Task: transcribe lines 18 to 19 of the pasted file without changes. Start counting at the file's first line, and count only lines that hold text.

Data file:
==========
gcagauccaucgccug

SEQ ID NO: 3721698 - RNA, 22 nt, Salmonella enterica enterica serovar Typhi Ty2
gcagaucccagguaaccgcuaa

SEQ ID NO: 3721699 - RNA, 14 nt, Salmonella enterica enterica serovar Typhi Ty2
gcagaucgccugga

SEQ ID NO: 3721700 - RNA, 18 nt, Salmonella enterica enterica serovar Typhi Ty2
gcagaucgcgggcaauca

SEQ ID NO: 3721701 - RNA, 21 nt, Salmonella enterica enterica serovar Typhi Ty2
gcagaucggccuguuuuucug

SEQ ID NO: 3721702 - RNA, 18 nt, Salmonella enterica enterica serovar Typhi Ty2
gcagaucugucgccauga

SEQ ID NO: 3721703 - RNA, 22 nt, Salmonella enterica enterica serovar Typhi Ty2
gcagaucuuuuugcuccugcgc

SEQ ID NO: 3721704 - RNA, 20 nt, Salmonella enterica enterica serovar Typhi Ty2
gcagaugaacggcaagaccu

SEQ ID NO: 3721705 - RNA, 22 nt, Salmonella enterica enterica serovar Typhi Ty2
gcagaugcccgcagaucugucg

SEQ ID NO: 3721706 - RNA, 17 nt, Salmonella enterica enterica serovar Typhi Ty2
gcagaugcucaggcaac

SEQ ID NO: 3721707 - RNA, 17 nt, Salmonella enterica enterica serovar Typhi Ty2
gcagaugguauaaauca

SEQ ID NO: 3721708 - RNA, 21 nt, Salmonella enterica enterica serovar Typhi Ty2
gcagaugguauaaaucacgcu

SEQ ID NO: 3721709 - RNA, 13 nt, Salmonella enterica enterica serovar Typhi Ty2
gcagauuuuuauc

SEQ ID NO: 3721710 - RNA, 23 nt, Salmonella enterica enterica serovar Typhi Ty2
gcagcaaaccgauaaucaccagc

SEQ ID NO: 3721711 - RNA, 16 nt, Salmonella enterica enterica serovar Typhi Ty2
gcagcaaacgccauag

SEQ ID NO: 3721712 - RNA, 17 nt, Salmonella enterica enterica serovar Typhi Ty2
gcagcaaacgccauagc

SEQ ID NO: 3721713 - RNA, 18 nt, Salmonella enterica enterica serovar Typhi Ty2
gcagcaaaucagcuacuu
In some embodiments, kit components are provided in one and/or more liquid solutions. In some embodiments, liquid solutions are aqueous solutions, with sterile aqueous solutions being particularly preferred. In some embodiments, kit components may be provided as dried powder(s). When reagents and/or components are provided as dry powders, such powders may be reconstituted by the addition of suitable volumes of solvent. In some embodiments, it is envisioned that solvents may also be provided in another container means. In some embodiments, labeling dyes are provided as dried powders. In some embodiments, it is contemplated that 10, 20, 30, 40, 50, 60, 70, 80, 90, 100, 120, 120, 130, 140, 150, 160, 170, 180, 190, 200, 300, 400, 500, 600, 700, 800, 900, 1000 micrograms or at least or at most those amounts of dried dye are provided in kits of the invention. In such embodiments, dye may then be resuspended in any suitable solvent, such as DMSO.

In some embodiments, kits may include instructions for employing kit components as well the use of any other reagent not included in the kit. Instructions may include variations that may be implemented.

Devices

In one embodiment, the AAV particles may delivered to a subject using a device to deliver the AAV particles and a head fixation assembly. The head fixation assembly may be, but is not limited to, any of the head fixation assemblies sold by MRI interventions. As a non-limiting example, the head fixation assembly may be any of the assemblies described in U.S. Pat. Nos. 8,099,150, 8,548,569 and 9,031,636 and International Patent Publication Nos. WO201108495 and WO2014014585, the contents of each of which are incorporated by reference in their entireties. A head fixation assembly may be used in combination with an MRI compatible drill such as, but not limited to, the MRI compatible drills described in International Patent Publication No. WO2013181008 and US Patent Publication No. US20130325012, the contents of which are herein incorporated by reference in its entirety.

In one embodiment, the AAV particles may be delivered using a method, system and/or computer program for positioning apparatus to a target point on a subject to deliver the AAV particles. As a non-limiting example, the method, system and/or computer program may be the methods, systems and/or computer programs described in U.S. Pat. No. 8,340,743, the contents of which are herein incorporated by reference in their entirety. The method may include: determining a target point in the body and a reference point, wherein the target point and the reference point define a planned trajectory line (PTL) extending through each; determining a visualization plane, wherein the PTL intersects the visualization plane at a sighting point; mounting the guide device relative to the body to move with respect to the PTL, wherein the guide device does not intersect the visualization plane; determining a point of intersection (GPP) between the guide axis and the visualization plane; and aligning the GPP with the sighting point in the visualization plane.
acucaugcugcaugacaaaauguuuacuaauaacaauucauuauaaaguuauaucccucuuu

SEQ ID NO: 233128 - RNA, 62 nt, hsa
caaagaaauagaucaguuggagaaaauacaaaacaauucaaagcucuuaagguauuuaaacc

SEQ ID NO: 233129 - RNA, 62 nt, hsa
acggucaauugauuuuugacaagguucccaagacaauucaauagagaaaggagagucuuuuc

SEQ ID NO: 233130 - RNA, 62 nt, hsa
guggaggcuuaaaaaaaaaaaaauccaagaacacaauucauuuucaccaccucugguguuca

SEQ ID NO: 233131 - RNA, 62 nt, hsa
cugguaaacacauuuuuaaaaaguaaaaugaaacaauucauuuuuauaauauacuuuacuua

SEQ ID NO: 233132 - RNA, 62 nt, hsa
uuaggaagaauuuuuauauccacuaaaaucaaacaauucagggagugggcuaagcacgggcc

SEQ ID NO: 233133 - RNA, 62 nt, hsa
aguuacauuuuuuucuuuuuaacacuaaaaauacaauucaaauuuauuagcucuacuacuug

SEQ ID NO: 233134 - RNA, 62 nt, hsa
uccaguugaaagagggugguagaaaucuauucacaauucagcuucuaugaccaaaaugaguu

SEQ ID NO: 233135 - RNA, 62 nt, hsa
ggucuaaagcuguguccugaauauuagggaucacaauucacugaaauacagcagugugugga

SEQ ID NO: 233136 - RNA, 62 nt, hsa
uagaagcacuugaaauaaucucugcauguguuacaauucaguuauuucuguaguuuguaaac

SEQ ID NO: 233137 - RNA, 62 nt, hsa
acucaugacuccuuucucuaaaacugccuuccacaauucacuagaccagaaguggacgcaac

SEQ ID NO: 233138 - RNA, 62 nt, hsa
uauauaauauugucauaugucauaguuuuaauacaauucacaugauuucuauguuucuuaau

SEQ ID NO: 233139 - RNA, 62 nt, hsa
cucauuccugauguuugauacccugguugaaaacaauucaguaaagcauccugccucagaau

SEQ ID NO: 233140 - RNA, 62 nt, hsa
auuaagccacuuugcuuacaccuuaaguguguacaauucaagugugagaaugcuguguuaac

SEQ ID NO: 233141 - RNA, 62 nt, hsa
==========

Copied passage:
SEQ ID NO: 3721706 - RNA, 17 nt, Salmonella enterica enterica serovar Typhi Ty2
gcagaugcucaggcaac